All the CTI releases
1705634086860.pngRay Barretto: La Cuna

CTI Records CTI 9002
Released 1981

A1: La Cuna / 5:08
A2: Doloroso / 5:55
A3: Mambotango / 5:57
B1: The Old Castle / 8:40
B2: Pastime Paradise / 8:31
Cocinando / 5:09 (Previously unreleased bonus track from Legacy release ZK 66126)

Arranged By – Carlos Franzetti (tracks: A3), Jeremy Wall
Bass – Francisco Centeno
Congas – Ray Barretto
Design – Jonathan Andrews
Drums – Mark Craney, Steve Gadd
Engineer [Recording] – Rudy Van Gelder
Guitar – John Tropea
Mastered By – Rudy Van Gelder
Mixed By – Neil Dorfsman
⭐ Percussion – Charlie Palmieri, Ray Barretto
Photography By – Creed Taylor, Jr.
Piano – Carlos Franzetti, Charlie Palmieri
Producer – Creed Taylor
Programmed By [Synthesizer] – Suzanne Ciani
Synthesizer – Jeremy Wall
Tenor Saxophone, Soprano Saxophone, Flute – Joe Farrell
Timbales – Tito Puente
Vocals – Willy Torres*

Recorded August, 1979 at Van Gelder Studios; mixed at The Power Station NYC.

CTI 9002 introduced a new label design for US releases.

This is a hidden gem in the CTI Records catalog. Ray Barretto insisted he did not like the idea of "Latin jazz" yet, here you go, one of the finest recordings in his catalog (at least in my humble opinion).

This album is an all-star assemblage of some of the greatest Latin music talents including Tito Puente and Charlie Palmieri, and the woodwind work of CTI mainstay Joe Farrell. Surprisingly, the songs are not composed by Latino musicians. In fact, this album turns a CTI trick in that it features an inventive jazz version of a movement from Mussorgsky's Pictures at an Exhibition: "The Old Castle." It runs circles around the Deodato take of "Also Sprach Zarathustra," with something happening at every turn. Joe Farrell's work on this track is almost reminiscent of Gato Barbieri. It's the highlight of the album and, arguably, one of CTI's finest tracks ever recorded.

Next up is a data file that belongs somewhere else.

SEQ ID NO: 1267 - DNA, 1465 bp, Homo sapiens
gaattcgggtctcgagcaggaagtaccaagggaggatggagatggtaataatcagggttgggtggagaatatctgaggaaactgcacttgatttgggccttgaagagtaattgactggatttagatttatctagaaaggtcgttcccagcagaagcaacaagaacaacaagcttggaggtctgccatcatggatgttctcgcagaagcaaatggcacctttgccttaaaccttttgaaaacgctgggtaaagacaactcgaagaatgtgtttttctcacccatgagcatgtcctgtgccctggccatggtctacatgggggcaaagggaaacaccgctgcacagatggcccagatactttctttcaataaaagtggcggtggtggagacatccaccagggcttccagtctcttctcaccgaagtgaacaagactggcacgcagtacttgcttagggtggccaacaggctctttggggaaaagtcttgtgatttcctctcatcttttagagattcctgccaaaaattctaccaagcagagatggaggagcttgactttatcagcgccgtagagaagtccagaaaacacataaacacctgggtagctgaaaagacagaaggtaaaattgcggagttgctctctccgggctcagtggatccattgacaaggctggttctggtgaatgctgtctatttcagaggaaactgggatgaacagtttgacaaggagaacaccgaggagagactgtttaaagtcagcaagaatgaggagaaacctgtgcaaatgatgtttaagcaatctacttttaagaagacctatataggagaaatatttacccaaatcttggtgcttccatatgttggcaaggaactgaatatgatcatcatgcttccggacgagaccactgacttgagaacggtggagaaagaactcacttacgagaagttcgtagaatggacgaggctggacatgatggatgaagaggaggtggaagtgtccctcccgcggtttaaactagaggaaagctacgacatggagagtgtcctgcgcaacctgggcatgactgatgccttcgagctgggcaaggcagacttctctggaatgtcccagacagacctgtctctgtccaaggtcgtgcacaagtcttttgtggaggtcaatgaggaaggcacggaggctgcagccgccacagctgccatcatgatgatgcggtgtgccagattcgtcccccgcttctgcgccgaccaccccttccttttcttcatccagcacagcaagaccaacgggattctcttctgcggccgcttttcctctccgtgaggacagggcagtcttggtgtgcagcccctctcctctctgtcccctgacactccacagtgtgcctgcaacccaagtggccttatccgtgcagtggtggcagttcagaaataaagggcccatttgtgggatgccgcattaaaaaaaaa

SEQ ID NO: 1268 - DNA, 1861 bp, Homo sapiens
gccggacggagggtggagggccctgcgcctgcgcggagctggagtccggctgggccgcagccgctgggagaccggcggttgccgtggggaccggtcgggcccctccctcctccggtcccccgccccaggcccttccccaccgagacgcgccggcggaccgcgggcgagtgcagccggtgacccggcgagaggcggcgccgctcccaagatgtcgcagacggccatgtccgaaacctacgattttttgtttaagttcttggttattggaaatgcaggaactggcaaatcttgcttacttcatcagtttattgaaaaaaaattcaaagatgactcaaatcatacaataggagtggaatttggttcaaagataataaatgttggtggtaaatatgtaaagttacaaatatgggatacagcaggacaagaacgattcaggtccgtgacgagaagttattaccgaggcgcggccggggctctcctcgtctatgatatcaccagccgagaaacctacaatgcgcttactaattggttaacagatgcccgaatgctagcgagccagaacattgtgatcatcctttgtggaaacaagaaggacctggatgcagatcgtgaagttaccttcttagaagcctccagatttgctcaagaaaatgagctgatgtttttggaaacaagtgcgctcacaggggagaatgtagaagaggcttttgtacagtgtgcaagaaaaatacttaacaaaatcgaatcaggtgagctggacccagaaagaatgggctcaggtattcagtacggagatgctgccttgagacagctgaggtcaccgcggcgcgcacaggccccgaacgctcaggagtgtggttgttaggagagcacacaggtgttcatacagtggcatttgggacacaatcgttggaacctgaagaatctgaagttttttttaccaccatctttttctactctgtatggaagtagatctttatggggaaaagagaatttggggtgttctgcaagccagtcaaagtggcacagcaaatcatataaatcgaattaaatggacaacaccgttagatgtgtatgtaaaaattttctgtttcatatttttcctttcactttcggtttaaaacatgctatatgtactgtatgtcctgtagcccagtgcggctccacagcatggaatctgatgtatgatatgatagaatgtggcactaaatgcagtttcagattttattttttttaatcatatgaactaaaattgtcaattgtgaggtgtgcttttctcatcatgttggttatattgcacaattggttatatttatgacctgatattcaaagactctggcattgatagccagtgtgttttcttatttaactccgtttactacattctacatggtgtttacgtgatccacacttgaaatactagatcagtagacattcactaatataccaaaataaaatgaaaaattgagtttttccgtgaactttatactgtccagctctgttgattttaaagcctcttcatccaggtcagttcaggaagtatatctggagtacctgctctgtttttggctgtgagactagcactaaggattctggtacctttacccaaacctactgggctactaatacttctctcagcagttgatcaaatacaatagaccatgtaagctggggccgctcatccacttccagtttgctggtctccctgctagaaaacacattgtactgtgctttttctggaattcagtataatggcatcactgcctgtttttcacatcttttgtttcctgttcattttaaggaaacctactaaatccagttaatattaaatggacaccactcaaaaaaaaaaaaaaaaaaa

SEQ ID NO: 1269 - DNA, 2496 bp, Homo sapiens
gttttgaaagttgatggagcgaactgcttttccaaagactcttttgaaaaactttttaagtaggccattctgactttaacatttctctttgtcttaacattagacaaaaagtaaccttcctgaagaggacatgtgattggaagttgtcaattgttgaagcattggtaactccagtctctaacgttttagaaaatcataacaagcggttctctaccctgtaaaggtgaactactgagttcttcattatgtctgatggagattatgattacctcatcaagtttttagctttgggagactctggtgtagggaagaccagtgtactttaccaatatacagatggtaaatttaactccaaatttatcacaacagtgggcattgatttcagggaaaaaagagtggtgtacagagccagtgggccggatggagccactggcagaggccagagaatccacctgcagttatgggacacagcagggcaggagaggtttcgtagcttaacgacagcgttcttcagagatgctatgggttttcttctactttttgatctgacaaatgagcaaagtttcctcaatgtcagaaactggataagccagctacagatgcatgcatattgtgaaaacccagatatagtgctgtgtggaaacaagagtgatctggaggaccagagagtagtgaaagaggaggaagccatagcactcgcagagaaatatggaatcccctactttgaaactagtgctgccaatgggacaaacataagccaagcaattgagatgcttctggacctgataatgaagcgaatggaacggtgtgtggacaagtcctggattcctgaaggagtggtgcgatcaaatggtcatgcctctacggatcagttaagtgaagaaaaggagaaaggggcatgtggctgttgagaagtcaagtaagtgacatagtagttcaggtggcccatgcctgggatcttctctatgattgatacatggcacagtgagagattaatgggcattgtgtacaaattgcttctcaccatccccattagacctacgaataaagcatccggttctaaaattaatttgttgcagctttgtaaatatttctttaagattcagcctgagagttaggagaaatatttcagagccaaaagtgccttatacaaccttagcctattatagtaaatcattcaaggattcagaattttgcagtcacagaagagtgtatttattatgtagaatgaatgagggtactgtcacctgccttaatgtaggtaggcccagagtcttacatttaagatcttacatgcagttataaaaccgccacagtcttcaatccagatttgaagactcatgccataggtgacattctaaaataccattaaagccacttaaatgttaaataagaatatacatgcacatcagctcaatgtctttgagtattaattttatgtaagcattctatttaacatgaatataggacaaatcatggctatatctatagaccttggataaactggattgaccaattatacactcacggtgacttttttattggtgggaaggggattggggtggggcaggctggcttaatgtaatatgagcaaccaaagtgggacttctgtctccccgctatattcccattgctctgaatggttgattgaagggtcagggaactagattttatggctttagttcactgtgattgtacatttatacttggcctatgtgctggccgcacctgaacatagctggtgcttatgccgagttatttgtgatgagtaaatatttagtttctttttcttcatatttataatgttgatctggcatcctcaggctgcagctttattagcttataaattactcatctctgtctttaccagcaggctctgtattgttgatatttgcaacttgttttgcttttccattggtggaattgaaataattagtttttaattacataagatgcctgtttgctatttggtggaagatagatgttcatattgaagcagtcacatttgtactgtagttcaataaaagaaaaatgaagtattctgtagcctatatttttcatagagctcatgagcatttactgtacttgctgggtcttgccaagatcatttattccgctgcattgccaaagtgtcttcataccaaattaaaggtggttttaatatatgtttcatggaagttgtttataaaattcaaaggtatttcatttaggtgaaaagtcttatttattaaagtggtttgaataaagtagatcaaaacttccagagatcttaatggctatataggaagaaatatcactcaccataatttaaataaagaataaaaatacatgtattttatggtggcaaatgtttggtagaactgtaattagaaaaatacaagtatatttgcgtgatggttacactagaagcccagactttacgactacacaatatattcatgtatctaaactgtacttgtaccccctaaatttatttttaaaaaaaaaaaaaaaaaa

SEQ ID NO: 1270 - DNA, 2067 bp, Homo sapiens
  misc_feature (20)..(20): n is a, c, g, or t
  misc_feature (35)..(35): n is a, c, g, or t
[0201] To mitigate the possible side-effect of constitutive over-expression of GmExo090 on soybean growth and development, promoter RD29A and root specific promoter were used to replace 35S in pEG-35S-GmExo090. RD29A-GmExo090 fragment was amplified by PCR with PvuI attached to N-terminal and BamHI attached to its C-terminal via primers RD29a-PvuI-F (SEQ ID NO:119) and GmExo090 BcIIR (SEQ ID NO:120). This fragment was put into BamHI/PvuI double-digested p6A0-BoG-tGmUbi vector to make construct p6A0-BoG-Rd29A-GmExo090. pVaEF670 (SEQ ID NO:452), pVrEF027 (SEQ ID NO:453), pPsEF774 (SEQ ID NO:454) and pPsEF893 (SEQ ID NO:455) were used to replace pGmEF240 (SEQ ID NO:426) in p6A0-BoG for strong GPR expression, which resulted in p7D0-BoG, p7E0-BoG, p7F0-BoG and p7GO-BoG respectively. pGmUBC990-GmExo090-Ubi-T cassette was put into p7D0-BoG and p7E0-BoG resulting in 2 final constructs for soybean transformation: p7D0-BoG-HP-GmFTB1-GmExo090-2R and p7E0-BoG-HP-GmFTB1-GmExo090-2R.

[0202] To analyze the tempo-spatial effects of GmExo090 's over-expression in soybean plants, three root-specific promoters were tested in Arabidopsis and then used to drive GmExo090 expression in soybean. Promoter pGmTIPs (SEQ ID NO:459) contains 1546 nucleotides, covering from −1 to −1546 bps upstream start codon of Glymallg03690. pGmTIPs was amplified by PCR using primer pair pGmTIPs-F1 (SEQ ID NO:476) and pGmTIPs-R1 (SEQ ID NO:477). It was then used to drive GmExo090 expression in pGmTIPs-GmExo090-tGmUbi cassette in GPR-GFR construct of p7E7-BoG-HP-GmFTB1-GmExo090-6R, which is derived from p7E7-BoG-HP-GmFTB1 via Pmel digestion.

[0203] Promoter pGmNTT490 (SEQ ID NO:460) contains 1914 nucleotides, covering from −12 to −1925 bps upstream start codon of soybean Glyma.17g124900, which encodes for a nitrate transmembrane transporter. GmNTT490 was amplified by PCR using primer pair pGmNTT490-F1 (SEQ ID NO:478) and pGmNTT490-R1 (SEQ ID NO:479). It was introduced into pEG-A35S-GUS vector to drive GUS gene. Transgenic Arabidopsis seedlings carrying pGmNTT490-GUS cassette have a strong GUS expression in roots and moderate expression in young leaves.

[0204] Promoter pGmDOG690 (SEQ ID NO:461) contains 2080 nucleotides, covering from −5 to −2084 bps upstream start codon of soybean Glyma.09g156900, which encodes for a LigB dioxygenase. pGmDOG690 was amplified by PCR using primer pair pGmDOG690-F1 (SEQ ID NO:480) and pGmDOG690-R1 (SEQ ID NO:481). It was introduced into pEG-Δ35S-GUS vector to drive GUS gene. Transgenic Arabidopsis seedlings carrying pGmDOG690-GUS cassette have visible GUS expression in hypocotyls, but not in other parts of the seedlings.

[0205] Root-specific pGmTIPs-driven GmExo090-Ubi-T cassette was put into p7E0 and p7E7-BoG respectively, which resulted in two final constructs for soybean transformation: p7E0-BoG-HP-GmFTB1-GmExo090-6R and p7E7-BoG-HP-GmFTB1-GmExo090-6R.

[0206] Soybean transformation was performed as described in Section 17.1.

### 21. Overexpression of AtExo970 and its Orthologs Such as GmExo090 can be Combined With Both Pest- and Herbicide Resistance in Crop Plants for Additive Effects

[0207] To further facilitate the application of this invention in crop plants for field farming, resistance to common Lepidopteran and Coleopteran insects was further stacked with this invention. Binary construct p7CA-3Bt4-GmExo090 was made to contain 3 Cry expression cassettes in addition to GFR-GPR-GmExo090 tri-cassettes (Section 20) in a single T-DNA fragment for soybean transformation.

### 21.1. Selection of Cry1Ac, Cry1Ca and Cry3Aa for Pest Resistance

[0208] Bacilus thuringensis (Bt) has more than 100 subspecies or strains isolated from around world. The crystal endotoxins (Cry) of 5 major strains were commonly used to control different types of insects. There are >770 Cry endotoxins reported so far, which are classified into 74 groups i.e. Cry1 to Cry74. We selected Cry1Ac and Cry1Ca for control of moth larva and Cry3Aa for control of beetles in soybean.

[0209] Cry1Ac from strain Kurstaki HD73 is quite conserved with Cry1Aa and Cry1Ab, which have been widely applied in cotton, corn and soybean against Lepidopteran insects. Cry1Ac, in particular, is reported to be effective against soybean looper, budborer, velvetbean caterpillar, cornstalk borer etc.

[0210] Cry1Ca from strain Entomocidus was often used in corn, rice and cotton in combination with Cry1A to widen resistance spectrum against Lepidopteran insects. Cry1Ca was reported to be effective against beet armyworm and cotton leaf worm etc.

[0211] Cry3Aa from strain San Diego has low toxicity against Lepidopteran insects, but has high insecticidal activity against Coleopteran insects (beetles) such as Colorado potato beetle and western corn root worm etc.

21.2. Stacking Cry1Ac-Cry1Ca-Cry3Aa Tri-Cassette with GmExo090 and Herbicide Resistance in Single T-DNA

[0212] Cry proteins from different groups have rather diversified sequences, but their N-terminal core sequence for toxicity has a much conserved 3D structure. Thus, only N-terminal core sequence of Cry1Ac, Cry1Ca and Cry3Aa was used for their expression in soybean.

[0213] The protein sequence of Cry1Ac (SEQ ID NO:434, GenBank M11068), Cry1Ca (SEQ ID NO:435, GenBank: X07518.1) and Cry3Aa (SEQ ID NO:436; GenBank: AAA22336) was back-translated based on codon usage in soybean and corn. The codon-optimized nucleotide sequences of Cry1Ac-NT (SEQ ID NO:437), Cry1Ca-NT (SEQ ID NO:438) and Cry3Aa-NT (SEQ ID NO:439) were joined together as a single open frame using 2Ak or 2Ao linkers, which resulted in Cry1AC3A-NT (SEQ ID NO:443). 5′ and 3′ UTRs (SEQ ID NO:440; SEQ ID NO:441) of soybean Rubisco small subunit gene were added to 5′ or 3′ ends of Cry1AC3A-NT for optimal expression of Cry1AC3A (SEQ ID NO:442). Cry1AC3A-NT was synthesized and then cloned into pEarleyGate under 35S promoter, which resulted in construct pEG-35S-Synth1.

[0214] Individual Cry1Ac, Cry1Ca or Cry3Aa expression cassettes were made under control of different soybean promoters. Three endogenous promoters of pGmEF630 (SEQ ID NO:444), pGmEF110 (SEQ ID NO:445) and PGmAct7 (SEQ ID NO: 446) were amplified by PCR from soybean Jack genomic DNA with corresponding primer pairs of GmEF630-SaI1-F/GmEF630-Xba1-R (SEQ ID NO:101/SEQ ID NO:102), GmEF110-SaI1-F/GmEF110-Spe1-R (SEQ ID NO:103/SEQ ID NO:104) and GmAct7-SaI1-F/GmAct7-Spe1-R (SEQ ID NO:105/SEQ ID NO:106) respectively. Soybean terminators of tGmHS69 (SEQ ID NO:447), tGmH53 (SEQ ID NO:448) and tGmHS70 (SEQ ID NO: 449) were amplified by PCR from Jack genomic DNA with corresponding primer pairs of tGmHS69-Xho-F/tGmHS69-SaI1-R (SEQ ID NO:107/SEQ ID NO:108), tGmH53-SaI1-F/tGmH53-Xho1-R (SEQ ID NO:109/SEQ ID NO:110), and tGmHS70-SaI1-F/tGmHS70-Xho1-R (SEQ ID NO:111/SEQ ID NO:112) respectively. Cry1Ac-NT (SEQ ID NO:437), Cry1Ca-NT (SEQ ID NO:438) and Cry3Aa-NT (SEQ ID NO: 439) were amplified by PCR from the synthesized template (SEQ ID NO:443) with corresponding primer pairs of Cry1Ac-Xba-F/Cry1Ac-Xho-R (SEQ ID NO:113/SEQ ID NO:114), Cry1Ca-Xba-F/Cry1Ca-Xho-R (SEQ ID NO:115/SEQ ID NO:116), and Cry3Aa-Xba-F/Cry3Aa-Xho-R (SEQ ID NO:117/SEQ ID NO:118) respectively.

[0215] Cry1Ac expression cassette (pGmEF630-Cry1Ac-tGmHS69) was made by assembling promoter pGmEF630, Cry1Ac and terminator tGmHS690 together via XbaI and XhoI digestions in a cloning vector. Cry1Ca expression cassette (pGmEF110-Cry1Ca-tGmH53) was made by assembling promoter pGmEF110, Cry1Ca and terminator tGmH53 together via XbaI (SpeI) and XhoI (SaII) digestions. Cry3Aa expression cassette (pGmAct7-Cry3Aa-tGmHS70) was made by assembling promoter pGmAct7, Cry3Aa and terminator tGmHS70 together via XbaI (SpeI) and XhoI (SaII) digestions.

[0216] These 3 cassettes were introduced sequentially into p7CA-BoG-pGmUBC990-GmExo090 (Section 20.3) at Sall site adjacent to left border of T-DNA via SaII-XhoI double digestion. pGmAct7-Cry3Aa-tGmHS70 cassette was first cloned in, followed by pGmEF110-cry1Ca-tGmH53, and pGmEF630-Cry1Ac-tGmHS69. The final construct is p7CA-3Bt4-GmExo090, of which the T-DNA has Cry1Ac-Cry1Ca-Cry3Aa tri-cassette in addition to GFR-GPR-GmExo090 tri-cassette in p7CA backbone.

Another surprise is a vocal version of an album track from Stevie Wonder's sprawling Songs in the Key of Life: "Pastime Paradise." Honestly, this upbeat version beats Stevie's version, and vocalist Willy Torres even sounds a bit like him. "Doloroso" is an unexpected treat also, with a dreamy arrangement that augments its somewhat melancholy melody. The title track is a Latin cooker. Not a weak track on this album.

Reissues from 1995 onward include a bonus track, "Cocinado," which make the digital version worth seeking out.

I would rank this among my top ten favorite CTI albums, and one of many highlights Creed Taylor produced during his decades-long career.
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